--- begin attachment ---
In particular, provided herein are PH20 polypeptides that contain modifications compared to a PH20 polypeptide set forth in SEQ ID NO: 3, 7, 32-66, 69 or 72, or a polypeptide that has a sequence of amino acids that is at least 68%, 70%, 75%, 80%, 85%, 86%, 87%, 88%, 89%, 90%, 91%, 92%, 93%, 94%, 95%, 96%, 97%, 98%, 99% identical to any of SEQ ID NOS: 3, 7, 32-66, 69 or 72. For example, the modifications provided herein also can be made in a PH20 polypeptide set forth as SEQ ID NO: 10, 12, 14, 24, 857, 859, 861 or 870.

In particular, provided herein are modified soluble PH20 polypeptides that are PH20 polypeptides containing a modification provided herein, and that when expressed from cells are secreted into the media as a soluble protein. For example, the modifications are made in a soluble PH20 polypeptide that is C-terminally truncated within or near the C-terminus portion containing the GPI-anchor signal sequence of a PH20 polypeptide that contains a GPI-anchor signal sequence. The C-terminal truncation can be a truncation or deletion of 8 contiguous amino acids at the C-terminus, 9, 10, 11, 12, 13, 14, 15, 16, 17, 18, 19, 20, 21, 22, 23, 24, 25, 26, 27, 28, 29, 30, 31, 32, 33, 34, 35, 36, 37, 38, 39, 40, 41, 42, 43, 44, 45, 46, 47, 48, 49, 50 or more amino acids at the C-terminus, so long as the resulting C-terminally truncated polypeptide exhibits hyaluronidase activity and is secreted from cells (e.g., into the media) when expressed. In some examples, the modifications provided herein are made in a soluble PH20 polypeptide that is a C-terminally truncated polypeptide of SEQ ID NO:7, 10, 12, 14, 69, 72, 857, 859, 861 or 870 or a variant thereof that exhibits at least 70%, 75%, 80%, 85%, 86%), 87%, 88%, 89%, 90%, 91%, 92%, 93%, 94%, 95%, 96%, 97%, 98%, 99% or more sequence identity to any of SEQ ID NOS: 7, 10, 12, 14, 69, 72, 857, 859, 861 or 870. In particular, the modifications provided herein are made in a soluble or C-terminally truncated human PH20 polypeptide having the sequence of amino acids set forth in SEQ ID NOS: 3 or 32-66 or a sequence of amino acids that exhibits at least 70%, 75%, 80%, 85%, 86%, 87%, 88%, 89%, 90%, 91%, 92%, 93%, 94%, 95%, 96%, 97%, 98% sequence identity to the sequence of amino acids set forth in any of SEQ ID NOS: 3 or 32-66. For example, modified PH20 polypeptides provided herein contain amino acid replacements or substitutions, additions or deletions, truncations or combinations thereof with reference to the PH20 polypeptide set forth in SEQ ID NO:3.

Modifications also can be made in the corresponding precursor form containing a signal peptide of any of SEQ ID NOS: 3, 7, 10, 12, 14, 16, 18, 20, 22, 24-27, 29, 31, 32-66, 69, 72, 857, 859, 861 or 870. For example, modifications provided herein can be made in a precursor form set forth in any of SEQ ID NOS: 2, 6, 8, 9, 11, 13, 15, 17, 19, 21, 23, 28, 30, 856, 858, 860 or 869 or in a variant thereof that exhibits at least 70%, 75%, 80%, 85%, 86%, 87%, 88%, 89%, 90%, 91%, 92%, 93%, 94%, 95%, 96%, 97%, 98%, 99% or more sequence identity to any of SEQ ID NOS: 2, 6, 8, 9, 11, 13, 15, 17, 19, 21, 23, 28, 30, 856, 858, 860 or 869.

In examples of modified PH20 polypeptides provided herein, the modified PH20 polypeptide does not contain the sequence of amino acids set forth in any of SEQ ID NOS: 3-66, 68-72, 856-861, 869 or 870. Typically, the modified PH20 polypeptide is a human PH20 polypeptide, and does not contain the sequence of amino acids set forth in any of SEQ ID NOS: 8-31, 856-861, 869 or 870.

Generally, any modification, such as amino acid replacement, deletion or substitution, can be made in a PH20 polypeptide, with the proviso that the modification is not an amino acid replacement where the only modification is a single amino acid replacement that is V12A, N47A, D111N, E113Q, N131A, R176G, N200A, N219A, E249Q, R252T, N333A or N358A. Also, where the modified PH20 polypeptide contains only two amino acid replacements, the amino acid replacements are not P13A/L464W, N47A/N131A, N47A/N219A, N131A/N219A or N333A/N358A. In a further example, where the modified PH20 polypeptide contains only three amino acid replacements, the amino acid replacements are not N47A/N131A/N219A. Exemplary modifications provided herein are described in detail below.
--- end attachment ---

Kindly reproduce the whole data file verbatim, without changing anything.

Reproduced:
In particular, provided herein are PH20 polypeptides that contain modifications compared to a PH20 polypeptide set forth in SEQ ID NO: 3, 7, 32-66, 69 or 72, or a polypeptide that has a sequence of amino acids that is at least 68%, 70%, 75%, 80%, 85%, 86%, 87%, 88%, 89%, 90%, 91%, 92%, 93%, 94%, 95%, 96%, 97%, 98%, 99% identical to any of SEQ ID NOS: 3, 7, 32-66, 69 or 72. For example, the modifications provided herein also can be made in a PH20 polypeptide set forth as SEQ ID NO: 10, 12, 14, 24, 857, 859, 861 or 870.

In particular, provided herein are modified soluble PH20 polypeptides that are PH20 polypeptides containing a modification provided herein, and that when expressed from cells are secreted into the media as a soluble protein. For example, the modifications are made in a soluble PH20 polypeptide that is C-terminally truncated within or near the C-terminus portion containing the GPI-anchor signal sequence of a PH20 polypeptide that contains a GPI-anchor signal sequence. The C-terminal truncation can be a truncation or deletion of 8 contiguous amino acids at the C-terminus, 9, 10, 11, 12, 13, 14, 15, 16, 17, 18, 19, 20, 21, 22, 23, 24, 25, 26, 27, 28, 29, 30, 31, 32, 33, 34, 35, 36, 37, 38, 39, 40, 41, 42, 43, 44, 45, 46, 47, 48, 49, 50 or more amino acids at the C-terminus, so long as the resulting C-terminally truncated polypeptide exhibits hyaluronidase activity and is secreted from cells (e.g., into the media) when expressed. In some examples, the modifications provided herein are made in a soluble PH20 polypeptide that is a C-terminally truncated polypeptide of SEQ ID NO:7, 10, 12, 14, 69, 72, 857, 859, 861 or 870 or a variant thereof that exhibits at least 70%, 75%, 80%, 85%, 86%), 87%, 88%, 89%, 90%, 91%, 92%, 93%, 94%, 95%, 96%, 97%, 98%, 99% or more sequence identity to any of SEQ ID NOS: 7, 10, 12, 14, 69, 72, 857, 859, 861 or 870. In particular, the modifications provided herein are made in a soluble or C-terminally truncated human PH20 polypeptide having the sequence of amino acids set forth in SEQ ID NOS: 3 or 32-66 or a sequence of amino acids that exhibits at least 70%, 75%, 80%, 85%, 86%, 87%, 88%, 89%, 90%, 91%, 92%, 93%, 94%, 95%, 96%, 97%, 98% sequence identity to the sequence of amino acids set forth in any of SEQ ID NOS: 3 or 32-66. For example, modified PH20 polypeptides provided herein contain amino acid replacements or substitutions, additions or deletions, truncations or combinations thereof with reference to the PH20 polypeptide set forth in SEQ ID NO:3.

Modifications also can be made in the corresponding precursor form containing a signal peptide of any of SEQ ID NOS: 3, 7, 10, 12, 14, 16, 18, 20, 22, 24-27, 29, 31, 32-66, 69, 72, 857, 859, 861 or 870. For example, modifications provided herein can be made in a precursor form set forth in any of SEQ ID NOS: 2, 6, 8, 9, 11, 13, 15, 17, 19, 21, 23, 28, 30, 856, 858, 860 or 869 or in a variant thereof that exhibits at least 70%, 75%, 80%, 85%, 86%, 87%, 88%, 89%, 90%, 91%, 92%, 93%, 94%, 95%, 96%, 97%, 98%, 99% or more sequence identity to any of SEQ ID NOS: 2, 6, 8, 9, 11, 13, 15, 17, 19, 21, 23, 28, 30, 856, 858, 860 or 869.

In examples of modified PH20 polypeptides provided herein, the modified PH20 polypeptide does not contain the sequence of amino acids set forth in any of SEQ ID NOS: 3-66, 68-72, 856-861, 869 or 870. Typically, the modified PH20 polypeptide is a human PH20 polypeptide, and does not contain the sequence of amino acids set forth in any of SEQ ID NOS: 8-31, 856-861, 869 or 870.

Generally, any modification, such as amino acid replacement, deletion or substitution, can be made in a PH20 polypeptide, with the proviso that the modification is not an amino acid replacement where the only modification is a single amino acid replacement that is V12A, N47A, D111N, E113Q, N131A, R176G, N200A, N219A, E249Q, R252T, N333A or N358A. Also, where the modified PH20 polypeptide contains only two amino acid replacements, the amino acid replacements are not P13A/L464W, N47A/N131A, N47A/N219A, N131A/N219A or N333A/N358A. In a further example, where the modified PH20 polypeptide contains only three amino acid replacements, the amino acid replacements are not N47A/N131A/N219A. Exemplary modifications provided herein are described in detail below.